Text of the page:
Apple V. The FBI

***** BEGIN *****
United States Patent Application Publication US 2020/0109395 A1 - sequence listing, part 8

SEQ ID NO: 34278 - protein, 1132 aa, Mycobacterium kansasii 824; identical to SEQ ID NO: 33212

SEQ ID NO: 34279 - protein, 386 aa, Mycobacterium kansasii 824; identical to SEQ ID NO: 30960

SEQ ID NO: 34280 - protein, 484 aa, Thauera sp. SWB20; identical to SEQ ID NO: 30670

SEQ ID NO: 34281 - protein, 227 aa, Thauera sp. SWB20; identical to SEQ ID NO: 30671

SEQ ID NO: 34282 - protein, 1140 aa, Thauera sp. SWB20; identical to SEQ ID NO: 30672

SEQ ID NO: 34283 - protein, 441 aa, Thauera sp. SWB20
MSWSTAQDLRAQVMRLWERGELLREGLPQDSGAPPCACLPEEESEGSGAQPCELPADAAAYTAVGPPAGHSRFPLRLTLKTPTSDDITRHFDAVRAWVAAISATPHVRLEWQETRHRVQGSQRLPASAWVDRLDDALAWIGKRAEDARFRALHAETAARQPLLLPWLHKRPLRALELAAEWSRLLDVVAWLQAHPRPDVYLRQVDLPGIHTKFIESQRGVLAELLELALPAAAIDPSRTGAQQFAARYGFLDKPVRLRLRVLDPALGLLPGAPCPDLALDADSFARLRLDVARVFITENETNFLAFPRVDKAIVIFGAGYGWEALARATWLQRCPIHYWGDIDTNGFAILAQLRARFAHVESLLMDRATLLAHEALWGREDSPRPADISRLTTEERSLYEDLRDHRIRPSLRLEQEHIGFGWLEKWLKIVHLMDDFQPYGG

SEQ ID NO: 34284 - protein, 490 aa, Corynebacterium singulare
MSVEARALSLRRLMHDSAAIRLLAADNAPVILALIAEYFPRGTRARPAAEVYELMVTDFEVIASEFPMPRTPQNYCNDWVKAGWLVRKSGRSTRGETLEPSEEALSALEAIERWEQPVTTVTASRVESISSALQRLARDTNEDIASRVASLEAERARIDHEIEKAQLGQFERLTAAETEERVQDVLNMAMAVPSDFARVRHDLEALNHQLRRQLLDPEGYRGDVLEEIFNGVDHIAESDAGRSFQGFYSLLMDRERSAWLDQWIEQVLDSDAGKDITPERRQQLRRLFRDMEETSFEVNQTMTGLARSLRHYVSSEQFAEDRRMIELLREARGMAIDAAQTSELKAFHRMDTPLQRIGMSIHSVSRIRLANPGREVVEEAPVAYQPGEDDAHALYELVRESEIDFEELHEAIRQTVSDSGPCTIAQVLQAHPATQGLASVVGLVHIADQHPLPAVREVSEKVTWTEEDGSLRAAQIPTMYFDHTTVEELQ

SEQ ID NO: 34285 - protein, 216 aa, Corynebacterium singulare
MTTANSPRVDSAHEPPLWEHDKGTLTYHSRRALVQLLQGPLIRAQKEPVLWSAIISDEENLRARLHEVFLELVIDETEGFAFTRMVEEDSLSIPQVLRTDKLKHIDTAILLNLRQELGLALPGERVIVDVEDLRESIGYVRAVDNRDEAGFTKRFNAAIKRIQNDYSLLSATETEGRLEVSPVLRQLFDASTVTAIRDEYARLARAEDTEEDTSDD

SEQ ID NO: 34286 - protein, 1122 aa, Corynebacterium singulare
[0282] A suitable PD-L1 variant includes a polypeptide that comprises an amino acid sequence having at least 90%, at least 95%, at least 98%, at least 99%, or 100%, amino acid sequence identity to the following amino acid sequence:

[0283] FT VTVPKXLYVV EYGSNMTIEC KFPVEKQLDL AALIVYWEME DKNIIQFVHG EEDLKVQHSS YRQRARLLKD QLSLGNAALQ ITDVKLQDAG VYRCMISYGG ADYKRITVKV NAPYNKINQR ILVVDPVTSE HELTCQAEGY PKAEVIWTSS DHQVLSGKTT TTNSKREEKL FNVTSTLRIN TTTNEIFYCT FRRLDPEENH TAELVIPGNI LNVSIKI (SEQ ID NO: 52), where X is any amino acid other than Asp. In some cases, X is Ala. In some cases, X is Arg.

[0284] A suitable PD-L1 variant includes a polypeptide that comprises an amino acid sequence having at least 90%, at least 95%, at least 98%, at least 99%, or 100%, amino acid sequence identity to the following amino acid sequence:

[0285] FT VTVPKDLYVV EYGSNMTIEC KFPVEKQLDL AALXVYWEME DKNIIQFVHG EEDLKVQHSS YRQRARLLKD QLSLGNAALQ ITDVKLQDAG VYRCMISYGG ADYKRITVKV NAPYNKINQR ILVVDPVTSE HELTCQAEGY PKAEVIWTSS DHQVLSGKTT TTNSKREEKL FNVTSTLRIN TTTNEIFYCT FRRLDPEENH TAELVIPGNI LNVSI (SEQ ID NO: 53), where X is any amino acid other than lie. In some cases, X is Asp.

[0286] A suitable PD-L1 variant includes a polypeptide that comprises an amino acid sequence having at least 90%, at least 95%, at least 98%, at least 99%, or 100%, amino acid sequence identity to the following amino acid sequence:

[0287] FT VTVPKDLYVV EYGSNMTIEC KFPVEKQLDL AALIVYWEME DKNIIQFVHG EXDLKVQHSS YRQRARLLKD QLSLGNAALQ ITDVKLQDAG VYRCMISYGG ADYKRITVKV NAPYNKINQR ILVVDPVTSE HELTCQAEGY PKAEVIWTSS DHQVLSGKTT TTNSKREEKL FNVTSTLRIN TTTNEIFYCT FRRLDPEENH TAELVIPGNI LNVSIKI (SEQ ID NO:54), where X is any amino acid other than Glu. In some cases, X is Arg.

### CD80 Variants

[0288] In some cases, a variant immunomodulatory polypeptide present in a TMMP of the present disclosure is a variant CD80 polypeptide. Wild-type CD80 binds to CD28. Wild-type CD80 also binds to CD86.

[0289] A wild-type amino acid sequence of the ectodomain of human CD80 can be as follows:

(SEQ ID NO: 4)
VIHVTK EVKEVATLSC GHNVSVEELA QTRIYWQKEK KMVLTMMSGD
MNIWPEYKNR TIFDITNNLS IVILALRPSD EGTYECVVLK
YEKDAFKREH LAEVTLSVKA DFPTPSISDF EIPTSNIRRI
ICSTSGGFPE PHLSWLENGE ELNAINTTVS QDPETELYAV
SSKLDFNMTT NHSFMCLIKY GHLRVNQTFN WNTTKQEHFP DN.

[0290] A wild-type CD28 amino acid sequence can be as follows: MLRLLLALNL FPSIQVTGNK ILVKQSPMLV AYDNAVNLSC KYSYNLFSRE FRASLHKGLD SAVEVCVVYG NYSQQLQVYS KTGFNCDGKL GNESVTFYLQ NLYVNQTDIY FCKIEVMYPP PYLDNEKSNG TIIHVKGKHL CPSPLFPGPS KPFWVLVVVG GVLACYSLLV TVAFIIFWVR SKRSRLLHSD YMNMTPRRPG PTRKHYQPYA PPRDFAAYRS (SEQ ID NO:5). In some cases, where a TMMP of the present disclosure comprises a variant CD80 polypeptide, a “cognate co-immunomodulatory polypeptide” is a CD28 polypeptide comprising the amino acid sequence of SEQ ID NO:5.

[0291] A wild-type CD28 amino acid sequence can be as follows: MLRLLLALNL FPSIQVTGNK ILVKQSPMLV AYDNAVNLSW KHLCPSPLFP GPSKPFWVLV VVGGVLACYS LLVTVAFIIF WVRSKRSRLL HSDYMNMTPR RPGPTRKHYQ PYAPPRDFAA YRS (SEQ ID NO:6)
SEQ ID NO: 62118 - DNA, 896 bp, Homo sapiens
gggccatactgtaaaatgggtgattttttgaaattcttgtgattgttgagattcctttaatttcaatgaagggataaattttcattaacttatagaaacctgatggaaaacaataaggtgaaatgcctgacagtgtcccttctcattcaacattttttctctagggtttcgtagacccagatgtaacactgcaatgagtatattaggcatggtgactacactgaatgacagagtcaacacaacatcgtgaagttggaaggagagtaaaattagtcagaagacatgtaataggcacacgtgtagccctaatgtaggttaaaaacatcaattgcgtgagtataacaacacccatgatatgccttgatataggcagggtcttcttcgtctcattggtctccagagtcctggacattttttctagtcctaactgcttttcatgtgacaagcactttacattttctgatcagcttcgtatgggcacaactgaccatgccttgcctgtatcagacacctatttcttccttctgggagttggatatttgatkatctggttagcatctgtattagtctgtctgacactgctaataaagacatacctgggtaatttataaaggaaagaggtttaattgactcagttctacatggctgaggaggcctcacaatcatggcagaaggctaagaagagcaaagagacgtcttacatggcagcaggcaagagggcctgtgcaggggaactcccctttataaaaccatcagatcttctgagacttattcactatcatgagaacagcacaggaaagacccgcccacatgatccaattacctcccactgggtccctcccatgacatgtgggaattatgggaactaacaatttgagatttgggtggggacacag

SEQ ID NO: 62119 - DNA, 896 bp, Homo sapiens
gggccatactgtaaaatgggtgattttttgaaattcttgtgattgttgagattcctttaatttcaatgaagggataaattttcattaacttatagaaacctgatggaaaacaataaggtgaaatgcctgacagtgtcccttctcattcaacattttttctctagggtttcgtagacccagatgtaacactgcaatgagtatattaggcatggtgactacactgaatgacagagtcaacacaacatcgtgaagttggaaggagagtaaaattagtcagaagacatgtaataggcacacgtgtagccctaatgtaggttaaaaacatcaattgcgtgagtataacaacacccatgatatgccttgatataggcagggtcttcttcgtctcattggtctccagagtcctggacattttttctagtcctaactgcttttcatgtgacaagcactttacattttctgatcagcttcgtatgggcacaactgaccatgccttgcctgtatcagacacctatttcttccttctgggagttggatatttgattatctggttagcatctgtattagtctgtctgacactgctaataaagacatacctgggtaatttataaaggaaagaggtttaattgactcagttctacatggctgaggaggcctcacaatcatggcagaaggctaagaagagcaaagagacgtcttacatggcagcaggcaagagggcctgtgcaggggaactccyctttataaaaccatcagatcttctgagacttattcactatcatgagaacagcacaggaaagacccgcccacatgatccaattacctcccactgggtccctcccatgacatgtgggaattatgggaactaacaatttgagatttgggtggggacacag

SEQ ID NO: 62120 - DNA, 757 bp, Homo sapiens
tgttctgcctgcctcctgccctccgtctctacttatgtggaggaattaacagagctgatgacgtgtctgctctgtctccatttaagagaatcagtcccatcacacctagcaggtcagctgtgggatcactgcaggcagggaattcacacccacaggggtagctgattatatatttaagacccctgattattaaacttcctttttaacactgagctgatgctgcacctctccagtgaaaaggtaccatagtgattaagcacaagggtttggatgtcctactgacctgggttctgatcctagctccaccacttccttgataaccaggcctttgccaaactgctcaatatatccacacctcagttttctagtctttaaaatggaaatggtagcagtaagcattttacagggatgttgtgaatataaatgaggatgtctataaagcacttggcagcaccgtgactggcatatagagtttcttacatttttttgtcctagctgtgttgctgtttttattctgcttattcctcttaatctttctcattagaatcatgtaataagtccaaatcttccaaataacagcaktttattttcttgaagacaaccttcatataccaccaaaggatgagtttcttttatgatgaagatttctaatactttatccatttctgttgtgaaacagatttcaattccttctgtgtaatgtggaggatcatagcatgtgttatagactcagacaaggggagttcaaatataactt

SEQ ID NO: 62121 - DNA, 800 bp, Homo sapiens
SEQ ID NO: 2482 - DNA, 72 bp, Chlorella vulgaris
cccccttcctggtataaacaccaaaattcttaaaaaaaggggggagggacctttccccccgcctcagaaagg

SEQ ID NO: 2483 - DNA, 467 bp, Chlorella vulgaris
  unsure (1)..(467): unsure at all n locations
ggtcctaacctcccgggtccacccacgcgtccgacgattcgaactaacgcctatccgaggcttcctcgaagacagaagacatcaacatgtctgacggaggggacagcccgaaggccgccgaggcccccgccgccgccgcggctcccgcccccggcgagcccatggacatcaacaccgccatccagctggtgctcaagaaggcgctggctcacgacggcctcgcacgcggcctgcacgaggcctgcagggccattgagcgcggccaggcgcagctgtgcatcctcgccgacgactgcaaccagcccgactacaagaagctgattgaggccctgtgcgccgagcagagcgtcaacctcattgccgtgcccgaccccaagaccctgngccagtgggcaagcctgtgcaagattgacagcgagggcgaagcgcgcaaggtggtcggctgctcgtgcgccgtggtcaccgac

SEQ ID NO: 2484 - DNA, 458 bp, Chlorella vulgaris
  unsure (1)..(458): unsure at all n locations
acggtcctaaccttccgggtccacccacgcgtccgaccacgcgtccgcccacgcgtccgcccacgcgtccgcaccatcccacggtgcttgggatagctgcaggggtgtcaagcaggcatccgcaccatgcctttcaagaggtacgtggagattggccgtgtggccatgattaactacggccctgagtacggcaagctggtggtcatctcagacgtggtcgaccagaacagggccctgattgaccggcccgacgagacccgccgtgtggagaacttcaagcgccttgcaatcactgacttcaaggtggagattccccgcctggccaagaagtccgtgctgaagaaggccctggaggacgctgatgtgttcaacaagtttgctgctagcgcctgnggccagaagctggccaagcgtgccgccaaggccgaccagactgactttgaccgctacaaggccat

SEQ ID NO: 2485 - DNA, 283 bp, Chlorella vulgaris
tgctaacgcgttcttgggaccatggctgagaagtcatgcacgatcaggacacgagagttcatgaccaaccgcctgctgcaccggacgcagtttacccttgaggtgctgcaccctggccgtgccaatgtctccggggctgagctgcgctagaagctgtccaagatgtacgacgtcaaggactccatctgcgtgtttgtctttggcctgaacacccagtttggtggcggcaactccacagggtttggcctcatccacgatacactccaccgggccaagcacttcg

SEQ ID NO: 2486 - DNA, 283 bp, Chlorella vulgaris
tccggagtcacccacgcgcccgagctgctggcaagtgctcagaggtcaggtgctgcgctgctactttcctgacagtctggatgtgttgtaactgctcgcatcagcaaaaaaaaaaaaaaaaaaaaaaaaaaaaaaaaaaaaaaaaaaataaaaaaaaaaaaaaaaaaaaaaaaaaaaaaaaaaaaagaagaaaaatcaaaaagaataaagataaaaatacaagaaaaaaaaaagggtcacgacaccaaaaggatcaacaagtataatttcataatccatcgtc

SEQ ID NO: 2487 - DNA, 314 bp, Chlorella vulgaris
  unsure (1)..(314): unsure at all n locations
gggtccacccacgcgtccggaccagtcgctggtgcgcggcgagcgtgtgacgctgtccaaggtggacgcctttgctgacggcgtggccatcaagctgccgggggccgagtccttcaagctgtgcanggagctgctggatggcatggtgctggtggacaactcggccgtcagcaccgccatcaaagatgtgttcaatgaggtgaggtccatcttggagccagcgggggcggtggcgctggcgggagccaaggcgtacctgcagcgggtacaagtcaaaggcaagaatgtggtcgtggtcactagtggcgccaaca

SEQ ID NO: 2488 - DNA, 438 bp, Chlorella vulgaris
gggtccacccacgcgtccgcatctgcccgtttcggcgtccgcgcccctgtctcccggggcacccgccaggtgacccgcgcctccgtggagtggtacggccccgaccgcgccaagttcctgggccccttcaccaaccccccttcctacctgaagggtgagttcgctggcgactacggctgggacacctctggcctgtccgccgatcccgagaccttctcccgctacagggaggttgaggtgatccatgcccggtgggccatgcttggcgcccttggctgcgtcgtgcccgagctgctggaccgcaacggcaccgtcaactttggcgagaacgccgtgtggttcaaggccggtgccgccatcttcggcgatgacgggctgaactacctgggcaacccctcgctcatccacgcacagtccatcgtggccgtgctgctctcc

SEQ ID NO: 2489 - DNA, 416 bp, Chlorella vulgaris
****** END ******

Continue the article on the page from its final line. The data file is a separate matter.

As the world continues its digital evolution, more aspects of our lives are dependent on data and digital devices. This shift has required technology manufacturers to emphasize encryption and robust security in their evolving designs. While this pursuit of security is necessary to keep users' critical personal information safe, criminals and terrorist organizations are using these same security technologies to make it difficult or even impossible for authorities to access that data. Law enforcement agencies claim that they need the technical ability to lawfully access digital data, while many technology and privacy advocates hold that authorities should never, under any circumstances, force companies to weaken or circumvent security. The conflict between privacy and security is examined in this case, starting with the 2016 legal challenge when, after a mass shooting, the U.S. Federal Bureau of Investigation sought a court order directing Apple, Inc. to create software that would unlock the suspect's iPhone. Although that legal challenge was dismissed, the issues remain live and pressing. Chris Kemerer is affiliated with University of Pittsburgh. Michael Smith is affiliated with Carnegie Mellon University.